Back when McDonald’s (NYSE: MCD) began offering its Dollar Menu, franchisees complained that it drove down their margins. The problem was that the menu offered extensive $1 choices that made it too easy for customers to construct a full meal from it for just a few bucks.
Now, after multiple tries, it appears the fast-food chain has found the right mix with its $1, $2, $3 value menu. This new strategy is, according to CFO Kevin Ozan’s remarks in the company’s last earnings call, part of why comparable-restaurant sales rose by 2.9% in the United States in the first quarter.
“Sales were fueled by higher average check, driven by two primary factors: menu price increases as part of a broader strategic pricing reset of the menu board, and favorable shifts in product mix, consisting of trade-up to new premium products and a higher number of items per order for $1, $2, $3 Dollar Menu transactions,” he said.
It’s not just McDonald’s
McDonald’s may be a pioneer when it comes to value menus, but it’s certainly not the only game in town. The value menus of Jack in the Box and Yum! Brands Taco Bell are also driving traffic increases in an otherwise flat fast-food market, according to a new study from The NPD Group.
Value menu traffic grew by 10% across the three major brands in Q1, and total consumer spend at restaurants with value menus climbed by 13%, according to NPD. In addition, the report showed that while the numbers varied by chain, across the three brands, 72% of diners who bought something off a value menu also purchased an item from the full-priced menu.
“A value proposition is definitely warranted to increase customer visits and drive frequency in today’s marketplace as the recent crop of value menus bear out,” said Bonnie Riggs, an NPD restaurant industry analyst. “But it’s important to fully understand the impact and effectiveness of these promotions, whether it’s understanding value-seeking customer behavior or loyalty erosion.”
Why is this working?
Value isn’t just getting something for a cheaper price. The behaviors consumers are demonstrating at McDonald’s and other chains show that people recognize value is both about what they spend and how much they get for the money.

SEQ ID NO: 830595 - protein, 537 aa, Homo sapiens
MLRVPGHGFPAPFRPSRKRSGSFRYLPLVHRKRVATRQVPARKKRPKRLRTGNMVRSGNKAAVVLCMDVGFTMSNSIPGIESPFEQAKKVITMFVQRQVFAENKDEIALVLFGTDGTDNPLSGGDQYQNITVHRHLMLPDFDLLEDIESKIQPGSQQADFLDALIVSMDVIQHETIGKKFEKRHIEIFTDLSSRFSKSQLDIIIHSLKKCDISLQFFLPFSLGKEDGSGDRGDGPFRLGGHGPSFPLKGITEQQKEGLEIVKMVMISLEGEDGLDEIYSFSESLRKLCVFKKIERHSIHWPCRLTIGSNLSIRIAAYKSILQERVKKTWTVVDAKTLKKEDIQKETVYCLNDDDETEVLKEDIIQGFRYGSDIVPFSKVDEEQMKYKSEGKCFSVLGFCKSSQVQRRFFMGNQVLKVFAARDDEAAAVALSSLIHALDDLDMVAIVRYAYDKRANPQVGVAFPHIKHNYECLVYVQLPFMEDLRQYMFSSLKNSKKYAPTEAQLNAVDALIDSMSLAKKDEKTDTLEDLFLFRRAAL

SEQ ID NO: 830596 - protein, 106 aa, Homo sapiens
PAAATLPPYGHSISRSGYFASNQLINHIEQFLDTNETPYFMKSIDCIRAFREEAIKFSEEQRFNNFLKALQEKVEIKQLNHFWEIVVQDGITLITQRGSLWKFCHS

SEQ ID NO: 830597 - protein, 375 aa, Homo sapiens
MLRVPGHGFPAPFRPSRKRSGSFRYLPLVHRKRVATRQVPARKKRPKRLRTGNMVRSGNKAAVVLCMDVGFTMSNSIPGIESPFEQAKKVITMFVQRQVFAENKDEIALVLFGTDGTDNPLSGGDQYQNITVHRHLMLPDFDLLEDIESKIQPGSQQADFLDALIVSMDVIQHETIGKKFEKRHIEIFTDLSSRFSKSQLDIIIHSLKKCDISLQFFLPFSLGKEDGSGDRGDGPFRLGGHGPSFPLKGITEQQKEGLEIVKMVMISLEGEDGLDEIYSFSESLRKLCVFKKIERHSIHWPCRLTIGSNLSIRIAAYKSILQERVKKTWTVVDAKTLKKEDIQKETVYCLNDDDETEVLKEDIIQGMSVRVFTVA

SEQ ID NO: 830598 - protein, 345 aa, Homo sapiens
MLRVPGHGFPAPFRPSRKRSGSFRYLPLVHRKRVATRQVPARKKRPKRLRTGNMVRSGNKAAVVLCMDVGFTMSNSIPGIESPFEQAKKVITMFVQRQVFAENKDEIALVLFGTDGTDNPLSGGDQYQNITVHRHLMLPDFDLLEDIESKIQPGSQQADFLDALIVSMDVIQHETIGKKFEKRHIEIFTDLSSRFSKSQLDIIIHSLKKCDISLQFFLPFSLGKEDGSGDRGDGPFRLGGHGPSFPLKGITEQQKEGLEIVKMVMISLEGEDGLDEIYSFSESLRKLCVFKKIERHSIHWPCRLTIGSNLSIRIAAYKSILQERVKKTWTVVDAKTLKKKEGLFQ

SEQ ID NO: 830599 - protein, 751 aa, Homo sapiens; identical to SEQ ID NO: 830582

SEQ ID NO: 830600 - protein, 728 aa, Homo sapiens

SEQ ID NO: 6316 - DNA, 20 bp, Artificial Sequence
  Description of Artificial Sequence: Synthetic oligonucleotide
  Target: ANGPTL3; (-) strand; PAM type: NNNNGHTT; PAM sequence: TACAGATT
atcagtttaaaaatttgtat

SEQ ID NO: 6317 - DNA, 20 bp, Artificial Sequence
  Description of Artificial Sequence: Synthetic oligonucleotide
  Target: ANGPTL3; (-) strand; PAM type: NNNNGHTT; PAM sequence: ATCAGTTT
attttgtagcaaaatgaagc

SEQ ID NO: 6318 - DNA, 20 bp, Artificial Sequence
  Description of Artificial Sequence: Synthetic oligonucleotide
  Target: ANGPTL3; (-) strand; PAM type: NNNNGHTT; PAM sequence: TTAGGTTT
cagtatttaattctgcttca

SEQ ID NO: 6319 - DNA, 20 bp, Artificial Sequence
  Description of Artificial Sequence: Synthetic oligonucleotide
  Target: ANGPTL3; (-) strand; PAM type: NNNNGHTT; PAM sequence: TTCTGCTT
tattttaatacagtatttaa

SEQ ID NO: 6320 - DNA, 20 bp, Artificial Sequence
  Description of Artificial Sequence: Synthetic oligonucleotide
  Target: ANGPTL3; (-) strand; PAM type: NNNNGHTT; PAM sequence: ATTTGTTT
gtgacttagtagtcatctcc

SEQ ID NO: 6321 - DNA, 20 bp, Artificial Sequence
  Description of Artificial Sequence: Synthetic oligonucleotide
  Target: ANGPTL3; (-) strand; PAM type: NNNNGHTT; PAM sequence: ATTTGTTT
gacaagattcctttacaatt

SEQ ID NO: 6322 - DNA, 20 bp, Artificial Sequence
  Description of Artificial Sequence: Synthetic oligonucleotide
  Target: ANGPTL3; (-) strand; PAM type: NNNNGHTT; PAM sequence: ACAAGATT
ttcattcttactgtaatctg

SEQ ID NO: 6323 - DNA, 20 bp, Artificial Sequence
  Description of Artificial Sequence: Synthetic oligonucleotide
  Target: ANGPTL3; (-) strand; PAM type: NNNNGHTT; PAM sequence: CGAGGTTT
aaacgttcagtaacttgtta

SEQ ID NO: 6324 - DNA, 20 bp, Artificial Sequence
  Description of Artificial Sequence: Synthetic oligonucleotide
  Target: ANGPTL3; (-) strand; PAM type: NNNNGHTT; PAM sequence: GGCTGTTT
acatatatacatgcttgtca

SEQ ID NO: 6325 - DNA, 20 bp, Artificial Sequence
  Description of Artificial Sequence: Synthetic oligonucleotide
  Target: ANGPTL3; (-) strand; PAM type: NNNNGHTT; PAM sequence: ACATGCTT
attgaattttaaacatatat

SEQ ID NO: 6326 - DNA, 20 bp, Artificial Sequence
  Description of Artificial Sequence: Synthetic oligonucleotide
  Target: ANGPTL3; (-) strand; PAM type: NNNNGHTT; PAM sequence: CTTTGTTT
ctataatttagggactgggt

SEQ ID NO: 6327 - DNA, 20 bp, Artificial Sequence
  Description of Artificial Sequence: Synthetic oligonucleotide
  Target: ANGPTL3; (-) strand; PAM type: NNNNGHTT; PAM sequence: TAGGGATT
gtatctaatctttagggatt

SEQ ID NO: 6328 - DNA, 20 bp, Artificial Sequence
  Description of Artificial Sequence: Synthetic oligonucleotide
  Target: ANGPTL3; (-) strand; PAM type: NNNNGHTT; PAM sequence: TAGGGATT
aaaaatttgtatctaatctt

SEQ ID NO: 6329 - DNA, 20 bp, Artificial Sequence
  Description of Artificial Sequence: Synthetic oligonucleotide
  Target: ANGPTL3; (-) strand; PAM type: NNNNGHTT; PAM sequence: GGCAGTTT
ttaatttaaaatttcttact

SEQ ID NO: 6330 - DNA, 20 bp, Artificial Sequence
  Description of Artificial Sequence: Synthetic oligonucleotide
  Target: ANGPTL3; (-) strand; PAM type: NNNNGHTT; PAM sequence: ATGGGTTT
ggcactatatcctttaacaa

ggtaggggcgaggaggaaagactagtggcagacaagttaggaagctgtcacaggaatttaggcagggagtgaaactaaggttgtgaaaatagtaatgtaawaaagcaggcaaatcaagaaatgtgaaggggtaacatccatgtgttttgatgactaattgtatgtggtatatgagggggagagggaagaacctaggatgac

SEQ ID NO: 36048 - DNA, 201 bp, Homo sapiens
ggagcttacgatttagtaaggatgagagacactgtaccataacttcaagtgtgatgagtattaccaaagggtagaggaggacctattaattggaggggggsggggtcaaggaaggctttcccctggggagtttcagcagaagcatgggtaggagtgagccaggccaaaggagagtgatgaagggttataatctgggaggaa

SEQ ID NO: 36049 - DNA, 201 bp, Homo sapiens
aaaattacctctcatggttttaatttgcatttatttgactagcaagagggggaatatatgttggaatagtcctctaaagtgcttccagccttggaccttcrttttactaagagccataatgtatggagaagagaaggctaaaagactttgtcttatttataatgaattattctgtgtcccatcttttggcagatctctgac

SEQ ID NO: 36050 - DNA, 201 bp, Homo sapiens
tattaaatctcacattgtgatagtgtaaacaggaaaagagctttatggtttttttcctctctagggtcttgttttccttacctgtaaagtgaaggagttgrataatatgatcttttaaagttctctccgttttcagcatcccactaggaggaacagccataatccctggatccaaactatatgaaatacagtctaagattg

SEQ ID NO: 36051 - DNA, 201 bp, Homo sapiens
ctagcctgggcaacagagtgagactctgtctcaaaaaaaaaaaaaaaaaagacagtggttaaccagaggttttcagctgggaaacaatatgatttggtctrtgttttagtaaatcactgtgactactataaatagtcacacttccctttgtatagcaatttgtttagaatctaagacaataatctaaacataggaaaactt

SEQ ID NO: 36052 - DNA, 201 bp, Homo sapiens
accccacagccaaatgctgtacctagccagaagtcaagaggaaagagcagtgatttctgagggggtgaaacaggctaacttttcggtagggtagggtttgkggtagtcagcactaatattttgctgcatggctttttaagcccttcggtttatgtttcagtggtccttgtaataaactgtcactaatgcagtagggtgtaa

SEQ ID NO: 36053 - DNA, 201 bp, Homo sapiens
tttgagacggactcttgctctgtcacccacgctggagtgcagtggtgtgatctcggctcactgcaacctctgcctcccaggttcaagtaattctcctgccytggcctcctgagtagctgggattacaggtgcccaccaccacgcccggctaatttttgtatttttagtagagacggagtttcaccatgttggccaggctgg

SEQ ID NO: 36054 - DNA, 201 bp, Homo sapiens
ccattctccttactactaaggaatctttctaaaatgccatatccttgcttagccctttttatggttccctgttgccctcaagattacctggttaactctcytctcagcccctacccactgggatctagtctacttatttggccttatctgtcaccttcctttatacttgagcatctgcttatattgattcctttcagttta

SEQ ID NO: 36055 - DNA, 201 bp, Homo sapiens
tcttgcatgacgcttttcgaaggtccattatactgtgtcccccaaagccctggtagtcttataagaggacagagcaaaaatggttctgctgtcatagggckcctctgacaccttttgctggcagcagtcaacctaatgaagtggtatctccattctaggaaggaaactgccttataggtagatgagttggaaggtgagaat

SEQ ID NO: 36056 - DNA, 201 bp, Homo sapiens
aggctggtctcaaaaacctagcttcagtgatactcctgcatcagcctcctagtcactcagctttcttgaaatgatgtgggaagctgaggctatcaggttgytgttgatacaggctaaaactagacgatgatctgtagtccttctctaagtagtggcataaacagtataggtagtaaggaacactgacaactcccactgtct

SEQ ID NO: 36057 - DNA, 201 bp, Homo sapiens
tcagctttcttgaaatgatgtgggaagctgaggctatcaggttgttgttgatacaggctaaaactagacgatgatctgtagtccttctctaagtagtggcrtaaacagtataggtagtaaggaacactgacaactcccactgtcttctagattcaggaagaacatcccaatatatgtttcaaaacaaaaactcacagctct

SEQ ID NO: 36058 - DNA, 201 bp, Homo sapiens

For companies, that means threading the needle a bit. They need to offer enticing value options, but in a way that won’t provide a complete meal solution for the majority of their customers. That’s a challenge but it’s one that McDonald’s has clearly solved.
The fast-food giant has $1 items, just not so many of them that most customers will stick to ordering from that section of the menu board. Instead, those value items are more often being picked up as affordable add-ons to regular orders.
The $1, $2, $3 menu may become even more successful as McDonald’s rolls out kiosk-based and mobile ordering to its U.S. restaurants. Customers who take advantage of machine-assisted ordering may be more apt to add on value items to their orders, given that it frees them from the possibility of facing any subtle judgment from a human cashier over their choice to splurge on a extra second burger or a shake.
Doubtless McDonald’s and other chains will to continue to tweak their value menus, but they’ve created blueprints for what works. That should continue to pay off for all three of these chains for the foreseeable future.
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